|Great for supporting heavy items
|No waiting time
|Requires a drill for installation
Is Wood Glue Stronger than Screws?
Comparison of Wood Glue and Screws
When addressing the issue of whether wood glue or screws will be stronger for connecting wood, it is complex and there is no definite answer. Each has its advantageous qualities and drawbacks, so the appropriate choice relies on the individual project requirements. Here’s a closer look at some of the major aspects to take into account when contrasting wood glue with screws.
Strength: Screws may typically be seen as more resilient compared to wood glue; however, the connection made by wood glue can be equally as powerful, depending on what kind of adhesive is employed and how it is applied. In particular, PVA wood glue can create a bond that is just as robust – or even more so – than screws.
Durability: When it comes to robustness, screws are undeniably more resilient than wood glue, especially when used outside and for projects that necessitate outstanding fortitude. However, the lastingness of wood glue can be augmented by utilizing a waterproof or weatherproof hide glue.
Ease of use: Wood glue is simpler to employ than screws as it does not necessitate any additional instruments or fittings. However, screws provide enhanced versatility as they can be detached and modified if desired.
Cost: Using screws and hardware may be more expensive than wood glue for projects, however their greater longevity and flexibility can certainly make up for the expense.
How strong is Wood Glue?
Wood glue is often strong enough for most applications, but when extra stress or weight will be applied it is best to take precautions. For projects that require heavy-duty reinforcement, using both screws and wood glue is highly recommended. Ultimately, the strength of a bond formed with glue depends on many variables, so prudent preparation is essential in order to select the best method for the task at hand.
To see a list of other types of glue, go check out my article 8 Different Types Of Woodworking Glues – A Clear View On Wood Glues.
Why is Wood Glue Stronger Than Screws?
In most situations, screws are usually seen as the more reliable choice compared to wood glue; however, there are certain circumstances when glue is the better option because of its strong hold.
Adhesion process: Wood glue creates a powerful connection through adhesion; it is absorbed into the wood’s fibers, strengthening the bond and making it capable of tolerating both shearing and pulling forces.
Subscribe to My Newsletter
Join 5000+ followers and get useful tips and notifications about new content in my weekly newsletter! Don’t miss it, register now!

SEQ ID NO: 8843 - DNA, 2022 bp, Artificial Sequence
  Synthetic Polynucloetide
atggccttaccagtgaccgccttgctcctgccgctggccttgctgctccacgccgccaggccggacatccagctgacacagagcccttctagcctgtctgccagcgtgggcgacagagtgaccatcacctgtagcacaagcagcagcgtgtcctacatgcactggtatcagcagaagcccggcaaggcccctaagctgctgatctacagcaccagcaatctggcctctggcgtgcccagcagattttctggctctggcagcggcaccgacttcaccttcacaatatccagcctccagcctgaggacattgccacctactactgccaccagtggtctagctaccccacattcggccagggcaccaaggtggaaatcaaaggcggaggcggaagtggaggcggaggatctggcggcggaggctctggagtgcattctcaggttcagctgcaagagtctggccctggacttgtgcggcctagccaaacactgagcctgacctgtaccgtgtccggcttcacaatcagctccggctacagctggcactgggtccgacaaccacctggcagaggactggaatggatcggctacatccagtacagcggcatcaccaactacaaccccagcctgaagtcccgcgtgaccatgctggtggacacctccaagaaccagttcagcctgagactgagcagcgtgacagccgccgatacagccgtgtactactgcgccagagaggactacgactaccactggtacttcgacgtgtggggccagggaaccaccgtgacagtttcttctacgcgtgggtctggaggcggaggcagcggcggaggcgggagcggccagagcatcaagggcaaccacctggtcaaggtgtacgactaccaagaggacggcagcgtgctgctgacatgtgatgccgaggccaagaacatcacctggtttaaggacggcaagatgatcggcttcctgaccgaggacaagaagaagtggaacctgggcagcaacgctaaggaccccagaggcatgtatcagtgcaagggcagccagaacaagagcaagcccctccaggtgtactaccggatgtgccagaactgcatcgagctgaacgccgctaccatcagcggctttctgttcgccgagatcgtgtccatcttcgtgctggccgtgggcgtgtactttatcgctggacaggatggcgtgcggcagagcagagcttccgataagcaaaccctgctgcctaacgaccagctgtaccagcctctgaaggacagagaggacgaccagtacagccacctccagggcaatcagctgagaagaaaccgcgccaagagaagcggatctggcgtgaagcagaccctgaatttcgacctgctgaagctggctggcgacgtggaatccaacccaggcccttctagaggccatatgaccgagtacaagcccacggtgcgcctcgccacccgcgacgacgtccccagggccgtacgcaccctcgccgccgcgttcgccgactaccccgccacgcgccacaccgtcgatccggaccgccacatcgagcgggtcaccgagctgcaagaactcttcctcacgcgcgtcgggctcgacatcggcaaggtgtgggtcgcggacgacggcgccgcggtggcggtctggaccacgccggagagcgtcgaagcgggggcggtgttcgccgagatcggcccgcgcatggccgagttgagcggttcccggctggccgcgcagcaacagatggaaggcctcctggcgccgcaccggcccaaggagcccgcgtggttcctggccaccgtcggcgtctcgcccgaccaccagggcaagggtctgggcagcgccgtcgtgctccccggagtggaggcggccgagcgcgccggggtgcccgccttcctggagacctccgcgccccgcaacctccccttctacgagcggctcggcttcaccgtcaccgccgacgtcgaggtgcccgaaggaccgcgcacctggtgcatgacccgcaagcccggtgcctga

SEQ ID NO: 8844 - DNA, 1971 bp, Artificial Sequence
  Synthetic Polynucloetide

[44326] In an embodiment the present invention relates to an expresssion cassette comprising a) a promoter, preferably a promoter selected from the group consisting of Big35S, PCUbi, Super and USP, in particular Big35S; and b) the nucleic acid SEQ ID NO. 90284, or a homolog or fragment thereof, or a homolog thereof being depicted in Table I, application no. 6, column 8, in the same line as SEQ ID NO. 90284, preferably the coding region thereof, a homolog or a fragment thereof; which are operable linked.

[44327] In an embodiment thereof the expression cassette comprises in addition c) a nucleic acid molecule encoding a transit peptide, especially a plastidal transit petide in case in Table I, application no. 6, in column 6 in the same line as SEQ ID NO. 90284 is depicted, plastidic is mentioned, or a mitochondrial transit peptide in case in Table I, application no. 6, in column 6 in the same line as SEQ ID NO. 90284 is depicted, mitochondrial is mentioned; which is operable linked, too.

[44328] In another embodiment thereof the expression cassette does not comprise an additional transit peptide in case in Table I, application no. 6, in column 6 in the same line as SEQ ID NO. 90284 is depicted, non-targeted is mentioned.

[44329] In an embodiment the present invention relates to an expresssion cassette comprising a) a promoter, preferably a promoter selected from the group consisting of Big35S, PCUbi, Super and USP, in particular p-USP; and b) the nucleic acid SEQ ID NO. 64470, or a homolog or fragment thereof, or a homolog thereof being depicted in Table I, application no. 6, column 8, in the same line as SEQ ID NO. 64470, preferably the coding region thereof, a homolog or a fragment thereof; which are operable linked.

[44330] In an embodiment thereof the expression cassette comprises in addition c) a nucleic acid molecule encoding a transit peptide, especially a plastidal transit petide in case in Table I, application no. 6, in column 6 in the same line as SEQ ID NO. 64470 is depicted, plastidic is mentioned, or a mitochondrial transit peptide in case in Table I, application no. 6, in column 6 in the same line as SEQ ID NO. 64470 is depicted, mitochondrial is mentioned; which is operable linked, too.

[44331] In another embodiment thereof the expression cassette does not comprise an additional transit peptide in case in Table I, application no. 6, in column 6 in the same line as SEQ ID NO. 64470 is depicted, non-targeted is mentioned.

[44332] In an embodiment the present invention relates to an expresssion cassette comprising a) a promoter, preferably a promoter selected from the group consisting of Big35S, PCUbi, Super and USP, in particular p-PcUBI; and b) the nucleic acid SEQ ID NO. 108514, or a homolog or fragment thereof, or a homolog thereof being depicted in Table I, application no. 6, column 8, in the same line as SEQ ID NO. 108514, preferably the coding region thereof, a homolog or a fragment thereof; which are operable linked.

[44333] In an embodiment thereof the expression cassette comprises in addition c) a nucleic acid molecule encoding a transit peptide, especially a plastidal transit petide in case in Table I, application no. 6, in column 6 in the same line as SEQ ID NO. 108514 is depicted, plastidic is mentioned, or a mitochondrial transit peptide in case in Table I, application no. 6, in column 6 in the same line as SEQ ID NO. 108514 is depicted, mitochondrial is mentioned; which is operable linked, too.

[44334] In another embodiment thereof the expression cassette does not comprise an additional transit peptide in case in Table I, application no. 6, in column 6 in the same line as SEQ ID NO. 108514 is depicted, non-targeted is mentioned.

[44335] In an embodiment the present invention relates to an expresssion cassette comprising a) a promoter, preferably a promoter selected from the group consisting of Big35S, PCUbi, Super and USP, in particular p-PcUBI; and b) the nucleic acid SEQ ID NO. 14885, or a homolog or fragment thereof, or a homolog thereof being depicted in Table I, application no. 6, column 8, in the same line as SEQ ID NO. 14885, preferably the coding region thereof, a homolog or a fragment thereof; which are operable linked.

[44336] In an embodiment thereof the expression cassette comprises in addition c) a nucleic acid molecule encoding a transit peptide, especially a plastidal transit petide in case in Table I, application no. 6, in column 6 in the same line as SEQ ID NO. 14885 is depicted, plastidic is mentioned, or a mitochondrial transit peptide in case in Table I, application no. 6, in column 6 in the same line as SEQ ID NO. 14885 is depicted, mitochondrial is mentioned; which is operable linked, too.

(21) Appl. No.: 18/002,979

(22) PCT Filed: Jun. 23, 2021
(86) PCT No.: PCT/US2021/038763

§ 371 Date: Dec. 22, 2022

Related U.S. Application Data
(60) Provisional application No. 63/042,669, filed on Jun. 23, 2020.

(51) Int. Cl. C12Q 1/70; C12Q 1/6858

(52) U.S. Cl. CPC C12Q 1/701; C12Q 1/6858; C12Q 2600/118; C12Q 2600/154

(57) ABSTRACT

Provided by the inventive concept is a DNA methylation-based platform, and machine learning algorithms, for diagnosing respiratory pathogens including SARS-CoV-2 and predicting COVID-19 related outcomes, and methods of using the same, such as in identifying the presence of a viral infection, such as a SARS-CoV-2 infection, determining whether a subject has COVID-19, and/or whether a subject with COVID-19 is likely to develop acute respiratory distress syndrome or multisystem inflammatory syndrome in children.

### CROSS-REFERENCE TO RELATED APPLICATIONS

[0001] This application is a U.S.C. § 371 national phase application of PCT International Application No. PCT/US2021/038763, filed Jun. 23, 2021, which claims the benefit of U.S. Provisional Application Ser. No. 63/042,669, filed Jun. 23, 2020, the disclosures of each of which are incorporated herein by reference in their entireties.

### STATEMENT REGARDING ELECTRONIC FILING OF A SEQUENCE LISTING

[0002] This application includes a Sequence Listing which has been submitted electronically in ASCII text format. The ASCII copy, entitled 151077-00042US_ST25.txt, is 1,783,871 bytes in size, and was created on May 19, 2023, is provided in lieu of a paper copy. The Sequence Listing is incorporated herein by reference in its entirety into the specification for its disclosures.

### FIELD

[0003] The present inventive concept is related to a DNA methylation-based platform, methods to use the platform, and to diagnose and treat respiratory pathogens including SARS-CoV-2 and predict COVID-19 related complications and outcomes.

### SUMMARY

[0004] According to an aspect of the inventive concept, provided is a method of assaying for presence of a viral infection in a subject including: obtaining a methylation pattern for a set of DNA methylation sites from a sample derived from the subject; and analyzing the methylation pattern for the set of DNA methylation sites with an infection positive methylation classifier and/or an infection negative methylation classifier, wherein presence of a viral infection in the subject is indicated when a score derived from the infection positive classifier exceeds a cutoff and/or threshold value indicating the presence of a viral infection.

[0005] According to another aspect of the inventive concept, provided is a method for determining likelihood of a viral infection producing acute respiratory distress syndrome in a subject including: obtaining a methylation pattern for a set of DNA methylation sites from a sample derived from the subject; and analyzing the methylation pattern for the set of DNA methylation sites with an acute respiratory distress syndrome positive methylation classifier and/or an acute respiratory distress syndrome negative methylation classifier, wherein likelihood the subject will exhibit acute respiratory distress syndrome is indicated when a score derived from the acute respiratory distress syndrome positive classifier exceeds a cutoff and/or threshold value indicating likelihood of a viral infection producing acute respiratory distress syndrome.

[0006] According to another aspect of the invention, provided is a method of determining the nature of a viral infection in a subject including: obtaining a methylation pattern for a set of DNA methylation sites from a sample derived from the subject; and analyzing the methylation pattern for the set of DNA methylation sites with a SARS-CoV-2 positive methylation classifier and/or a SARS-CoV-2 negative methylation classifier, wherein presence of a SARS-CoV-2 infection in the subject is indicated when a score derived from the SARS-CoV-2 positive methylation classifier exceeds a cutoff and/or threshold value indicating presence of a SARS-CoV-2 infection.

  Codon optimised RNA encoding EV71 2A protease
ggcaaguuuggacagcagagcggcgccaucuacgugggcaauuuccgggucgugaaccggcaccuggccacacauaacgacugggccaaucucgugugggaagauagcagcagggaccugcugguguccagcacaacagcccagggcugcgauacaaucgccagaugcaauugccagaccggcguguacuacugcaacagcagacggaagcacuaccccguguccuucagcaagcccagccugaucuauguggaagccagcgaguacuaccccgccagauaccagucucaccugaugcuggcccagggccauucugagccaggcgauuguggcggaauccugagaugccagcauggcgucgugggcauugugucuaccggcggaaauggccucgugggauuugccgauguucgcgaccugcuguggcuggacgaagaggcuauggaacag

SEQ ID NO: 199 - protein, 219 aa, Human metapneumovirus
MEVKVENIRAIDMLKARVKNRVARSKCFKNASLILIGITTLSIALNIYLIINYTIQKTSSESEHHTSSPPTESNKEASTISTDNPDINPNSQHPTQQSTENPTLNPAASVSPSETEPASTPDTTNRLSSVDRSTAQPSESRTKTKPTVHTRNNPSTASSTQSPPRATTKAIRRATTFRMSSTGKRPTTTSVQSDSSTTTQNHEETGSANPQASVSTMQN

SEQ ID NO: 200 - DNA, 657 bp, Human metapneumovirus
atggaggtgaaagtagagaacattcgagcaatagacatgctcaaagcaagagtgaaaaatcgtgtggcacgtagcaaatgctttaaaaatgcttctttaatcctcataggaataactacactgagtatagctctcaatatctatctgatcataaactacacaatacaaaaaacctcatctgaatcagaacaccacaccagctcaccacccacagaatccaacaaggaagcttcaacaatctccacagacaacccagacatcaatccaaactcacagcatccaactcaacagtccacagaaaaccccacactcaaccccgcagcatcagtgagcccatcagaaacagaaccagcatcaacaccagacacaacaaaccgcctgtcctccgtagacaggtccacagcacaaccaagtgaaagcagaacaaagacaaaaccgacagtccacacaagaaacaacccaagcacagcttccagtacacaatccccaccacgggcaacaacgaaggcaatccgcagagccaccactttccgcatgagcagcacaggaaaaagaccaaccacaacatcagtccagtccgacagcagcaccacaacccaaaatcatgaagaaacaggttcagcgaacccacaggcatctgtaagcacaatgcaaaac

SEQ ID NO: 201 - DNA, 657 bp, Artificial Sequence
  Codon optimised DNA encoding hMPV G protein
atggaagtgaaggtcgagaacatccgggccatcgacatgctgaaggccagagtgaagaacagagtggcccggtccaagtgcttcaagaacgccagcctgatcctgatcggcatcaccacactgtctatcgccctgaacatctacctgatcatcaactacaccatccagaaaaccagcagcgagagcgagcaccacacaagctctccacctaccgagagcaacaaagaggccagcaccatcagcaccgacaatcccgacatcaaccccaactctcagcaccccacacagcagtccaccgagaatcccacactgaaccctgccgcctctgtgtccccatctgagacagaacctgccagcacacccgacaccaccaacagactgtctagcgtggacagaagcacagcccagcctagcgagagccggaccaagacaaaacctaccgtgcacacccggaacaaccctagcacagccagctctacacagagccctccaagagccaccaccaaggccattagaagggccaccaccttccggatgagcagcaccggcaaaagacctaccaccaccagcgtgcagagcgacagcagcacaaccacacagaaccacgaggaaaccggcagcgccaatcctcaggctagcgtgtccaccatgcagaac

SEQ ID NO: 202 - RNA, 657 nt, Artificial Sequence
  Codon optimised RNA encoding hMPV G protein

Importance of surface preparation: Surface preparation is an essential element in guaranteeing that the bond formed by wood glue is robust. This involves cleansing and abrading the surfaces of the lumber before spreading the adhesive. If not adequately prepped, the bond might not be as solid as it could be.
The response to whether wood glue or screws provide more strength to a wood joint is not quite as obvious as one may think. The power and longevity of the assembly does not only rely on which fastening material is used, but also on the joinery type and environmental circumstances. In some scenarios, just wood glue is powerful enough, however in other conditions screws might be required for extra reinforcement. It all relies on the particulars of the task at hand.
The reason why wood glue is often stronger than screws can be found in the way it adheres and its chemical properties. Unlike screws, which only fit mechanically, wood glue forms a chemical connection between the two surfaces of wood being joined. This bond can be even more durable than the wood itself, producing a permanent and seam-free union. Moreover, the preparation of the surfaces prior to applying the glue and the tension applied during clamping are essential for determining how strong the bond will be.
By understanding the elements that contribute to the longevity of wood glue, one can make an informed decision on whether this adhesive is appropriate for a specific task. Investing the time in prepping the surfaces and choosing the correct type of glue or screws guarantee a strong and lasting connection – be it glue or screws.
Is Wood Glue Strong Enough Without Screws?
It is not easy to answer the question of whether wood glue is strong enough on its own without screws. Depending on the type of glue, surface preparation, and amount of pressure applied while clamping, it can be quite effective under heavy stress. While in some cases, such as furniture assembly or joints which are exposed to considerable strain, extra reinforcement in the form of screws may be required. Ultimately, the strength of the bond formed by wood glue will vary based on the specific project and application.
Type of glue: Epoxy-based wood glue is exceptionally powerful, while PVA glue (polyvinyl acetate) dries clear and works best for interior projects.
Related article: Wood Glue Vs Epoxy: Which Is Better For Your Project?
Surface preparation: In order to secure a strong connection, it is essential to appropriately prepare the wood surfaces that will be joined. This consists of tidying and sanding them, which will eliminate any dirt or residue which could potentially hinder the bond.